“Walker’s Way started as a short story that I wrote for my son Nathan on his birthday,” Greer recalled. “He was in his 40s at that time. Growing up, he was an avid comic book, sci-fi, adventure story reader and watcher. The two of us would do a lot of that together. He’s a huge Star Wars fan. And growing up, I was a huge western fan. And all Star Wars is a western set in space. I wanted to give him something out of the tradition ‘I go out and buy something that I give very little thought to and this is your present.’ I wanted to give him a piece of myself. So I wrote this story about an African American bounty hunter. I sent it to him and said, ‘Read this and tell me what you think. This is your present.’ He said, ‘Are you going to do some more of this?’ He loved it. He really liked the read. And he encouraged me to keep going.”
Three years later, Greer finished what proved to be a first draft of the novel. Greer hadn’t taken any formal creative writing classes and had always been a cut to the chase king of person. Well Greer was in for the lesson of his life when he hired The Cadence Group out of Chicago. Greer sent his novel to them and realized the writing process had only just begun.
“After I basically got this story put together the way that I wanted it, they said, ‘No, you’re going to have to have what’s called a developmental edit,’” Greer said. “You have an editor who reads your story. And then they tell you everything that’s wrong with it. You then basically start recrafting the story based on their professional input. The editing process — the copy editing, and the developmental editing — took another year. I paid them to critique my book, even if it was painful. Family and friends despite how objective they try to be, they don’t want to hurt your feelings. I needed to know from an objective source that this was something worthwhile and they gave me that input. And they didn’t pull any punches in terms of saying, ‘You need to get rid of this. You need to flesh this out. You need to go into more detail here.’ It was a tremendous educational experience for me.”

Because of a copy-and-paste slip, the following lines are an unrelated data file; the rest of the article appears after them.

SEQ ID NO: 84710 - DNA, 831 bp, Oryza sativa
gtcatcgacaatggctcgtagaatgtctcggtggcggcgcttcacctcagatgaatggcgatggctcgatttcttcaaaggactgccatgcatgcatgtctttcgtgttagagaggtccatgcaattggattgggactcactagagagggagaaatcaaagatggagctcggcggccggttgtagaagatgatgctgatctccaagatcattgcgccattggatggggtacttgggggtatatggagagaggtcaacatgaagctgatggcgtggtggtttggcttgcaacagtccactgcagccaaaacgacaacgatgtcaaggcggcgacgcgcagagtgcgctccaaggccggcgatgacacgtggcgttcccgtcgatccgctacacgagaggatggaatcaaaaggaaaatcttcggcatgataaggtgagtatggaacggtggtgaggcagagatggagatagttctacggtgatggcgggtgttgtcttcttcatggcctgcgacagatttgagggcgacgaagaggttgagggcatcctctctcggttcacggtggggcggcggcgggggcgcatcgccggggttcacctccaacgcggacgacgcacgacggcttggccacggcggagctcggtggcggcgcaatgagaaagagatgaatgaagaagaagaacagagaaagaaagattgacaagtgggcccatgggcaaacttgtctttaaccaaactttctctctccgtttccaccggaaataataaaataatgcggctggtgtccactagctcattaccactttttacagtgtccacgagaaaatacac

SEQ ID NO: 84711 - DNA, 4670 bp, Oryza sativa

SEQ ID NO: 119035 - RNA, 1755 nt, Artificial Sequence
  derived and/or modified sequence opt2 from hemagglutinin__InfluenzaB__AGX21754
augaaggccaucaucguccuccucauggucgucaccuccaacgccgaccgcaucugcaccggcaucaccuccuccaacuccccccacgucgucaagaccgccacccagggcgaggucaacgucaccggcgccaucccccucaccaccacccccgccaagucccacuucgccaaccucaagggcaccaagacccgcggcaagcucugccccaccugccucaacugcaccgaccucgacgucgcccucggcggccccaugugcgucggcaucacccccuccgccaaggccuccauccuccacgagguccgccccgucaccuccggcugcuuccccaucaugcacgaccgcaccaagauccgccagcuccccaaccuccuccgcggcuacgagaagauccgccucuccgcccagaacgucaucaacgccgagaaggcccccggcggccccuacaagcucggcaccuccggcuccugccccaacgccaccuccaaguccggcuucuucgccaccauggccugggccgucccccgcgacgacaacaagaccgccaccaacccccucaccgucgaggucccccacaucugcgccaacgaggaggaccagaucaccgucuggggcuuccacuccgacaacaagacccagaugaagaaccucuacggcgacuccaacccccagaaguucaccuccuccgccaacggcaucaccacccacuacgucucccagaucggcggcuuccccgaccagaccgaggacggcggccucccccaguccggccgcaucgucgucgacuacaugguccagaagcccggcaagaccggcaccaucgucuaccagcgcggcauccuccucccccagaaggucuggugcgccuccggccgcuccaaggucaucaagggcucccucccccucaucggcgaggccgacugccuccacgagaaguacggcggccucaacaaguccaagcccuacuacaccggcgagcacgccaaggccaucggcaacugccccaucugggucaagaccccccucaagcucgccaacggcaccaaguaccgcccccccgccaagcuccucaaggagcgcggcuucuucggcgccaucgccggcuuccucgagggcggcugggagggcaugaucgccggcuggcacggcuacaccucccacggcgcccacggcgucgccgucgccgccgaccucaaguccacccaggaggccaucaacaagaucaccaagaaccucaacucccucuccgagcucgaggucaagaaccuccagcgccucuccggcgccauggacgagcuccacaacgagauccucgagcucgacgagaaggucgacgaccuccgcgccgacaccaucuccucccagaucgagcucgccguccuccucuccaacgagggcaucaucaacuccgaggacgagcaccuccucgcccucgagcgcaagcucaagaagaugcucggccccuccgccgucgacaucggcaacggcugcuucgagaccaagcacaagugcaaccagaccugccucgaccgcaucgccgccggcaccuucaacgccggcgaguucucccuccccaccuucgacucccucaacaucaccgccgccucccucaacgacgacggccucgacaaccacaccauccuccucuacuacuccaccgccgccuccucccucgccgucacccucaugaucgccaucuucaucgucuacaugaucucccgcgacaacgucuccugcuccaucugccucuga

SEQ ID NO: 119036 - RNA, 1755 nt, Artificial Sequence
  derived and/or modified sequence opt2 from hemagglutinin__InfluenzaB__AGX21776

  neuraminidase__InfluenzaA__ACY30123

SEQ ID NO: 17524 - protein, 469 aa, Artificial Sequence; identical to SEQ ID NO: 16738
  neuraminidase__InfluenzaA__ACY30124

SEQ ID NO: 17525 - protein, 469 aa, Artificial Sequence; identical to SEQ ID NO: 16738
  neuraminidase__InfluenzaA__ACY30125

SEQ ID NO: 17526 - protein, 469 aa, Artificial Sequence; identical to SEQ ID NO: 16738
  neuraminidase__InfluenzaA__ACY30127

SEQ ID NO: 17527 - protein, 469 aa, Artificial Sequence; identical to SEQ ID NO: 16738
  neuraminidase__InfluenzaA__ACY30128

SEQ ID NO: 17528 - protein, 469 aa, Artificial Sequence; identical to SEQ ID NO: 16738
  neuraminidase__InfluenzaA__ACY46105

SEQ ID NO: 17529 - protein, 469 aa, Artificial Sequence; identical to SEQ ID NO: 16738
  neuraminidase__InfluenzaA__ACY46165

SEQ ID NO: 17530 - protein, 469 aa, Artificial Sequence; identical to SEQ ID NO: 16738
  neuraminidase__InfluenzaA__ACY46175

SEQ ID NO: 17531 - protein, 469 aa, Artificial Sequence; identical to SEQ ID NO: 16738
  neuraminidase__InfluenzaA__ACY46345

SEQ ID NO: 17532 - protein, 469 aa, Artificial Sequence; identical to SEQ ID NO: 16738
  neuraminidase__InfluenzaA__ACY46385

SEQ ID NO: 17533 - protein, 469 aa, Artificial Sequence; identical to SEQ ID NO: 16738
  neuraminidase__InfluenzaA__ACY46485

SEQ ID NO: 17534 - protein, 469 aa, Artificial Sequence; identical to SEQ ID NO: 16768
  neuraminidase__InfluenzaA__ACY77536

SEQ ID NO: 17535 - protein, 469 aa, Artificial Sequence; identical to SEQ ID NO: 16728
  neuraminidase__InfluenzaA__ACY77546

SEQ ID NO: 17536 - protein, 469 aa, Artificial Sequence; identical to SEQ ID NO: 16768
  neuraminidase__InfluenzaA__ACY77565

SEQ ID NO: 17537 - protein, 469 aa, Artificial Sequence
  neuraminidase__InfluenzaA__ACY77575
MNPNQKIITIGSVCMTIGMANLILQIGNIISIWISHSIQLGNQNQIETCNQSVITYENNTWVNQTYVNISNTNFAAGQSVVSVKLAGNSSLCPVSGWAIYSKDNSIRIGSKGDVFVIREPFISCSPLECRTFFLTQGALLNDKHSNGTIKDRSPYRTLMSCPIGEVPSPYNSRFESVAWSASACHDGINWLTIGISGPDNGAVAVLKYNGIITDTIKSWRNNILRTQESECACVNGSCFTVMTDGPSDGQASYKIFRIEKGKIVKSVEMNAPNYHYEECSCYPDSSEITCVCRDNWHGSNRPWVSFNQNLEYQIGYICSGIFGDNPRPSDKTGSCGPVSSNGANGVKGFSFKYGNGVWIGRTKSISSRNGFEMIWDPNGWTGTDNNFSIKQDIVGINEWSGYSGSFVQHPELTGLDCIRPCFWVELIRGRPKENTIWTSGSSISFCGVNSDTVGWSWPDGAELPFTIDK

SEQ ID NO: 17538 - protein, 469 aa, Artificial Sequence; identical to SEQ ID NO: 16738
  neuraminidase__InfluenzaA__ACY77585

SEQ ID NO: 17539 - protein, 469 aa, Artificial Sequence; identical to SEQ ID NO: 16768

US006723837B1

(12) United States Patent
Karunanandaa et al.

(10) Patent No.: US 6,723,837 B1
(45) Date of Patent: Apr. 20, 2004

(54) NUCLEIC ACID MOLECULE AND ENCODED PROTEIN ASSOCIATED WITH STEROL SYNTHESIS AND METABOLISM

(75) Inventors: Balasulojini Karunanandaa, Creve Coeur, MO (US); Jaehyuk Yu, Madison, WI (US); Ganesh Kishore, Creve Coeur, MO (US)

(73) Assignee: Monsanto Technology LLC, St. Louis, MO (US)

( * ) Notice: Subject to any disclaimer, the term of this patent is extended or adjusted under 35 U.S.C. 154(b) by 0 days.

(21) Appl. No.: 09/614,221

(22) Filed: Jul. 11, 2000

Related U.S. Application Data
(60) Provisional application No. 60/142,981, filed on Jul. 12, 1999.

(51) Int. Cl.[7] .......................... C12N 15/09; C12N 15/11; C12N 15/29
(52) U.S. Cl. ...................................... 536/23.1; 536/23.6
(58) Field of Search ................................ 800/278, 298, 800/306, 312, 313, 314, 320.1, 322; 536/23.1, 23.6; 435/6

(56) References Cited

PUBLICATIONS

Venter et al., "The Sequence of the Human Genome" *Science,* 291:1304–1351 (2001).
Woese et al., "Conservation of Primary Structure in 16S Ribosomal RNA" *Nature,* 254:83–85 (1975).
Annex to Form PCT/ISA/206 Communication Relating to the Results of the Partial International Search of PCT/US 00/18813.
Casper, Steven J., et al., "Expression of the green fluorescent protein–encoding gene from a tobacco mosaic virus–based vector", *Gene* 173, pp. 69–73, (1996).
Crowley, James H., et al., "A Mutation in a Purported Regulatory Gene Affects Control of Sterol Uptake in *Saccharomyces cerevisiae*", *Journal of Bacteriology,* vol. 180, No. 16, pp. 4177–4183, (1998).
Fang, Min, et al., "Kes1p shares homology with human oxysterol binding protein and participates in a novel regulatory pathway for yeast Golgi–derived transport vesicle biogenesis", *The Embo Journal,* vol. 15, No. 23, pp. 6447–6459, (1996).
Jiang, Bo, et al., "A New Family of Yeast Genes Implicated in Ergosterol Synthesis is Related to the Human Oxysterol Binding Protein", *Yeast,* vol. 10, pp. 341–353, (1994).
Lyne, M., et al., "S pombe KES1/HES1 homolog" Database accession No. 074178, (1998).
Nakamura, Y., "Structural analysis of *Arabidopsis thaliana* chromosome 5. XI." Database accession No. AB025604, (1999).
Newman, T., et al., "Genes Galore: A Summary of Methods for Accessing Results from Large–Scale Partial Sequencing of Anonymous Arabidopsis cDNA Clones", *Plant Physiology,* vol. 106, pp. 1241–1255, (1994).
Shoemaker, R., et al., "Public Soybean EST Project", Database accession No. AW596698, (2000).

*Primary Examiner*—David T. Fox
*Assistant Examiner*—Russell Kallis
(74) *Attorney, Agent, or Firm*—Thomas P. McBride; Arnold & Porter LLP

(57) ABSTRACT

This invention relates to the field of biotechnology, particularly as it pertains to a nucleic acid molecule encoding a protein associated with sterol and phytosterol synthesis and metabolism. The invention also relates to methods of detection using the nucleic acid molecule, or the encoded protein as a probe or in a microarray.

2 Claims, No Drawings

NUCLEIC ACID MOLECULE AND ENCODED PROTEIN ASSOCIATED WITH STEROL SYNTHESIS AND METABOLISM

What resulted was Walker’s Way, a 373-page book, published by Greer’s company Tidewalker Press last summer that can be found on Amazon and Barnes & Noble. Walker’s Way has a bounty hunter as its main character as he makes his way in the pre and post-Civil War era.
“It is almost How the West Was Won from an African American perspective,” Greer said. “And it deals with the dilemma that all free enslaved people faced. They were free and at first, they felt exhilaration. And the next feeling was, ‘Free to do what? Free to be whom? Free to go where?’ Having nothing and essentially being behind enemy lines in the South, how are you going to make it? The thing about this character that I wanted to underscore was that he was not willing to stay in his place. He was going to find a way to be really and truly free.”